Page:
Xenoblade Chronicles 2 offers a deep combat system with multiple interconnected mechanics. It’s gratifying once you get the hang of it all, but that can be easier said than done. Xenoblade Chronicles 2 throws lots of tutorials at you that are lost once you click past them, with only meager reference material available from merchants after the fact.
To…combat this issue, we’ve compiled a breakdown of combat terminology and mechanics that will hopefully help you master the possibilities available to you early on. Let’s get started.
Blades and Drivers
Your battle party consists of two types of characters, Drivers and Blades. Drivers are traditional characters that you control–though you can only command one out of three in your party, while the rest of your allies are driven by AI, with one notable exception that we’ll get to soon.
Blades are characters that provide powers to Drivers. They determine what weapon and abilities you have access to, and are imbued with a particular element–yet another important detail that we’ll return to when discussing Blade Combos and Chain Attacks.
During combat, you can swap between your active Driver’s equipped Blades (either two or three, depending on the in-game chapter.) This can’t be done freely at any time, however; Blades have accompanying meters that fill automatically over time. Unlike Drivers, Blades do not have a health bar and cannot be damaged by enemies.
In the top-left corner of the screen is the Party Gauge. This fills up as you damage enemies and execute advanced attacks. Divided into three sections, you can spend one portion of the meter at a time to revive a fallen ally. You can also use up the entire meter (only when it’s full) to execute a Chain Attack. For more info on Chain Attacks, scroll further down the page.
When you’re close enough to an enemy, Drivers will auto-attack. Proximity is the only requirement to trigger this action. Auto-attacking will fill meters surrounding ability icons that represent various Arts.
When an Art meter fills up from auto-attacks, you can execute it. Arts can be direct attacks, defensive moves, or healing spells, and each typically comes with a secondary condition attached to it, say, toppling an enemy (more on that in a minute) or spawning healing potions upon impact.
The Arts you have access to are dictated by the weapon of the Blade you’re currently cooperating with. That means different Blades will offer the same selection of Arts if they are assigned the same weapon, which are predetermined and static. Each Blade offers four Arts, but you can only equip three at a time.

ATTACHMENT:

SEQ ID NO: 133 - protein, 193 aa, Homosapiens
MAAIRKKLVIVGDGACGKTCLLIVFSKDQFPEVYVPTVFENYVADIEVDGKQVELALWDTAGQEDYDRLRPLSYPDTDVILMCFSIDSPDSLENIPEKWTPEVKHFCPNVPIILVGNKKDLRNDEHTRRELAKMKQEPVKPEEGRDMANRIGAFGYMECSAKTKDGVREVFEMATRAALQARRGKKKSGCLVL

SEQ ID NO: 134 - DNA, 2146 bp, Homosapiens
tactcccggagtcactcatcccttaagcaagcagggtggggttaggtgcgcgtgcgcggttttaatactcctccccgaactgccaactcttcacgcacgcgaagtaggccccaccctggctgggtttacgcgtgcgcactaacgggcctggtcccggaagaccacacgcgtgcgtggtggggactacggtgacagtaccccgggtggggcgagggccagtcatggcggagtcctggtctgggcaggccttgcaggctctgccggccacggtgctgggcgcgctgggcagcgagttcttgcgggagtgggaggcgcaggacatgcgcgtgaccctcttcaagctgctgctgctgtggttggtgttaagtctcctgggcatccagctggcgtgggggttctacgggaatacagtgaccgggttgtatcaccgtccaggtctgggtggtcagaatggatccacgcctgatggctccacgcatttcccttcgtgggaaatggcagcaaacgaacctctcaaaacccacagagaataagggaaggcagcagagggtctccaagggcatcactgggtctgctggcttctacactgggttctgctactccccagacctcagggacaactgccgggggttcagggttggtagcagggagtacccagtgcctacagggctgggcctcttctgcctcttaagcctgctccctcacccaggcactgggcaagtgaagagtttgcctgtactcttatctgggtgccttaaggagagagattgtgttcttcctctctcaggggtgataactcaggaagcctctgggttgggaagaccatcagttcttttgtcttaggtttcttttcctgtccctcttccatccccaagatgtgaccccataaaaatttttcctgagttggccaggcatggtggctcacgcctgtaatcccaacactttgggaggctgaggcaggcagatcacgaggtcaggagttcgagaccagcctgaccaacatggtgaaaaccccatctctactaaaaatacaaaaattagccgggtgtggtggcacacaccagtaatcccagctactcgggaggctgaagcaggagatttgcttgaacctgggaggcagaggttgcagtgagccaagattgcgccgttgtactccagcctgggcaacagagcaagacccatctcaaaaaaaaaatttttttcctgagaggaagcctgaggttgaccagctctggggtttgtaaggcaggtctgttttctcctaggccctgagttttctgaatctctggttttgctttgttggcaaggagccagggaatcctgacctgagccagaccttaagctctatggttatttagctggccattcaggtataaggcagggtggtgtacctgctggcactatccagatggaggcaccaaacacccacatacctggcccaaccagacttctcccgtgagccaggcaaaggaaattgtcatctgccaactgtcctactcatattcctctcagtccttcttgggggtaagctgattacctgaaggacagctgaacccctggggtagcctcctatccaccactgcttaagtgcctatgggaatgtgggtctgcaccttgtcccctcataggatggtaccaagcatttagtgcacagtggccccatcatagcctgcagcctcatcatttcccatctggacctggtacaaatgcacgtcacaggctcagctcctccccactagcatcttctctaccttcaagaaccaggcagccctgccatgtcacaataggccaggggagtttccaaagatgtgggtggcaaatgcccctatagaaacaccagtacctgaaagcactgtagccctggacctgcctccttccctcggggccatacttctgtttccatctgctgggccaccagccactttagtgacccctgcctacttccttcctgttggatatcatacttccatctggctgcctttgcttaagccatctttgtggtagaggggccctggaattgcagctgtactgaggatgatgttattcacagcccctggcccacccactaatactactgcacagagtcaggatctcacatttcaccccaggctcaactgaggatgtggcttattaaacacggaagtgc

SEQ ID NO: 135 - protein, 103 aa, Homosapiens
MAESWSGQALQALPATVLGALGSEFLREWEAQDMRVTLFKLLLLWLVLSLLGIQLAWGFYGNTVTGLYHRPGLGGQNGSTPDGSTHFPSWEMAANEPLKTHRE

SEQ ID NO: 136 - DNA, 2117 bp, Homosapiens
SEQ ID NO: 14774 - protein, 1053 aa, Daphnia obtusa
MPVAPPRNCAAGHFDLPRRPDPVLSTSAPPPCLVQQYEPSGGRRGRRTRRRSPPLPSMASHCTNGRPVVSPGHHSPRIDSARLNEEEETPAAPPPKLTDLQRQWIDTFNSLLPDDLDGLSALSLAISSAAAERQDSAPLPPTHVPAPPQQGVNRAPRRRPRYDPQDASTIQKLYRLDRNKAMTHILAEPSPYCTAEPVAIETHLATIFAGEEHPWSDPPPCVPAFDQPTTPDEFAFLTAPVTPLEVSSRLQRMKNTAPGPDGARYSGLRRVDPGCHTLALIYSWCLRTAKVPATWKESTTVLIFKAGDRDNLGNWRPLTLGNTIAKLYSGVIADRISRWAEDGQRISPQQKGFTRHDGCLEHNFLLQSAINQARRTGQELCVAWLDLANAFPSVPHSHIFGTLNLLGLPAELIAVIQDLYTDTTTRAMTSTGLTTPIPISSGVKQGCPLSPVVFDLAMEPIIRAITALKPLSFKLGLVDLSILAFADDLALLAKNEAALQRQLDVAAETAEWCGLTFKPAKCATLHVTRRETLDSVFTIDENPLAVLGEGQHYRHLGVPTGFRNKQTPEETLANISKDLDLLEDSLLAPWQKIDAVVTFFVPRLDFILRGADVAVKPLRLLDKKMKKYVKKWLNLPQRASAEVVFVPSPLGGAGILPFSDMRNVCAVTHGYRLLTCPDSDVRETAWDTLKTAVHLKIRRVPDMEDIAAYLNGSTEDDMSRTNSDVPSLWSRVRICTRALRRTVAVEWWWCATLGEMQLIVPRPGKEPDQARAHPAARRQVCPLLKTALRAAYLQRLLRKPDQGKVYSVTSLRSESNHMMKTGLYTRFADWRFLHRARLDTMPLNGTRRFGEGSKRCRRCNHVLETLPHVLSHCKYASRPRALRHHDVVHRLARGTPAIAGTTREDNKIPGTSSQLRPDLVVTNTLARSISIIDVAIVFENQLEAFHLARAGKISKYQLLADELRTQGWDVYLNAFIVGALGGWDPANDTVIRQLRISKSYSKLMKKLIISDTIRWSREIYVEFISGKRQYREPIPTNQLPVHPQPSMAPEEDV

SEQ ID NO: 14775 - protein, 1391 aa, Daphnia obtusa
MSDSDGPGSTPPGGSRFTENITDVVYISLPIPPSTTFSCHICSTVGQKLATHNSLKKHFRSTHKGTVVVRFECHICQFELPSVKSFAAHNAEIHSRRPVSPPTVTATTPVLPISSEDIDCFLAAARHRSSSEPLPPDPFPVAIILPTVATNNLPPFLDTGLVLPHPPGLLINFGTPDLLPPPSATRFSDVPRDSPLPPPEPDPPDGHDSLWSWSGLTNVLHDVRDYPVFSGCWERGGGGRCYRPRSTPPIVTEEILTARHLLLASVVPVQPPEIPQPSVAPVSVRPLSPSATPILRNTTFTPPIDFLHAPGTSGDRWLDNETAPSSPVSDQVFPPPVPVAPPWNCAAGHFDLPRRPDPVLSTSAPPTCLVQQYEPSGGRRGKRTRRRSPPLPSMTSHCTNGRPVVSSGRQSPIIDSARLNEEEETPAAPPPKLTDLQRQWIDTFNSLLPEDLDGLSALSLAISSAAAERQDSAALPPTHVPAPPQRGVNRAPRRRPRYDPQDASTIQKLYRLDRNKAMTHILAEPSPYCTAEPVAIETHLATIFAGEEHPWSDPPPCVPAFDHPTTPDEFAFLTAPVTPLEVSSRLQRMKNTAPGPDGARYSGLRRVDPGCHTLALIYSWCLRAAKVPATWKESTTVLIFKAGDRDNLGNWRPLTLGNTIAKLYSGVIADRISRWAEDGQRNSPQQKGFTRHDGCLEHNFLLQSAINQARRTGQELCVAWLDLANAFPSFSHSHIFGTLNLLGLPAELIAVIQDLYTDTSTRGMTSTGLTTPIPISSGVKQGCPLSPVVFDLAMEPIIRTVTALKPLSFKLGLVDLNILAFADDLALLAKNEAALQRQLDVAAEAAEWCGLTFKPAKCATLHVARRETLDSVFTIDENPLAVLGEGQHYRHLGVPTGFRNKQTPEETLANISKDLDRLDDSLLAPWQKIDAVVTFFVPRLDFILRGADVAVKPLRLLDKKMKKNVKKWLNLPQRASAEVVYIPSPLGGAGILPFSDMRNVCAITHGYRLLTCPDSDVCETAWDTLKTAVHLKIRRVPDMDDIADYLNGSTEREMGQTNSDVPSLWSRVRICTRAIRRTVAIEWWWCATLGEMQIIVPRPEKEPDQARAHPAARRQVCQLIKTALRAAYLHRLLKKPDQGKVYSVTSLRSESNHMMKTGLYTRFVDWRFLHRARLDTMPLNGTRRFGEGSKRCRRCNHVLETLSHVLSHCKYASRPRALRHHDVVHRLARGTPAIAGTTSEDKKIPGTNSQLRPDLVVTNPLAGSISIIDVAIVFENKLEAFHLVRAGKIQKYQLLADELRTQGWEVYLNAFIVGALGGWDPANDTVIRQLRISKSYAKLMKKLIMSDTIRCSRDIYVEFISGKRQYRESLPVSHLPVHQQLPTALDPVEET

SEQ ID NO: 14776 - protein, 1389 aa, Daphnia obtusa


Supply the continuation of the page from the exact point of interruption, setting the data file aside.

Similar to fighting games, you can stop one action to begin another (with an added advantage) in Xenoblade Chronicles 2. Put simply, the moment after landing a blow on an enemy, you can initiate an Art with a bonus effect if your timing is on point.
Specials are like Arts, but deal more damage and are little more involved, asking you to engage with quick time events mid-animation. Specials come in four levels. Levels one through three are made available by cancelling an auto-attack into an Art, which fills up a meter surrounding the Special icon. Level four Specials are earned after filling up the meter enough to reach level three, and then by standing close enough to your active Blade on the battlefield for a few seconds. Specials tie into the element of the Blade in question, and will generate a meter above the enemy’s health bar that will slowly deplete in roughly 20-30 seconds.
As mentioned, you can’t fully direct all of your party members, but you can heed the call from fellow Drivers when they are ready to activate a Special. Why would they wait for your command? I’m glad you asked!
After you or one of your allies activates a Special, a chart will pop up on the top-right corner of the UI illustrating a number of options for you to consider as you prepare to execute your next Special. These options are represented by elements, and if you activate a Special with the appropriate element before the meter generated by the previously cast Special runs out, you can create a Blade Combo. Complete three steps within the provided options, and you will not only deal lots of damage, but also seal away one of your opponent’s abilities. The final Special of a Blade Combo will also leave an orb surrounding the enemy, based on that Special’s specific element. These orbs/seals serve an additional purpose as well.
When you’ve got a full Party Gauge, you can press the + button to initiate a Chain Attack, which is an opportunity for each character in your party to deal a strong attack with an equipped Blade of your choice. These deal a lot of damage, but if you have previously executed Blade Combos (on the same enemy that you’re targeting with your Chain Attack) you can do far more.
Remember the orb/seal generated by a Blade Combo? Chain Attacking with elements opposite of any orbs that may be attached to an enemy can burst the orb, which not only inflicts a lot morie damage, but also extends your Chain Attack for another round.
These are the basic concepts of Xenoblade Chronicles 2’s combat system, but when you factor in various types of equipment, abilities, and mechanics unique to specific characters, things get even trickier. If you’ve got any questions, or any advanced tips to share with other players, throw them in the comments below!
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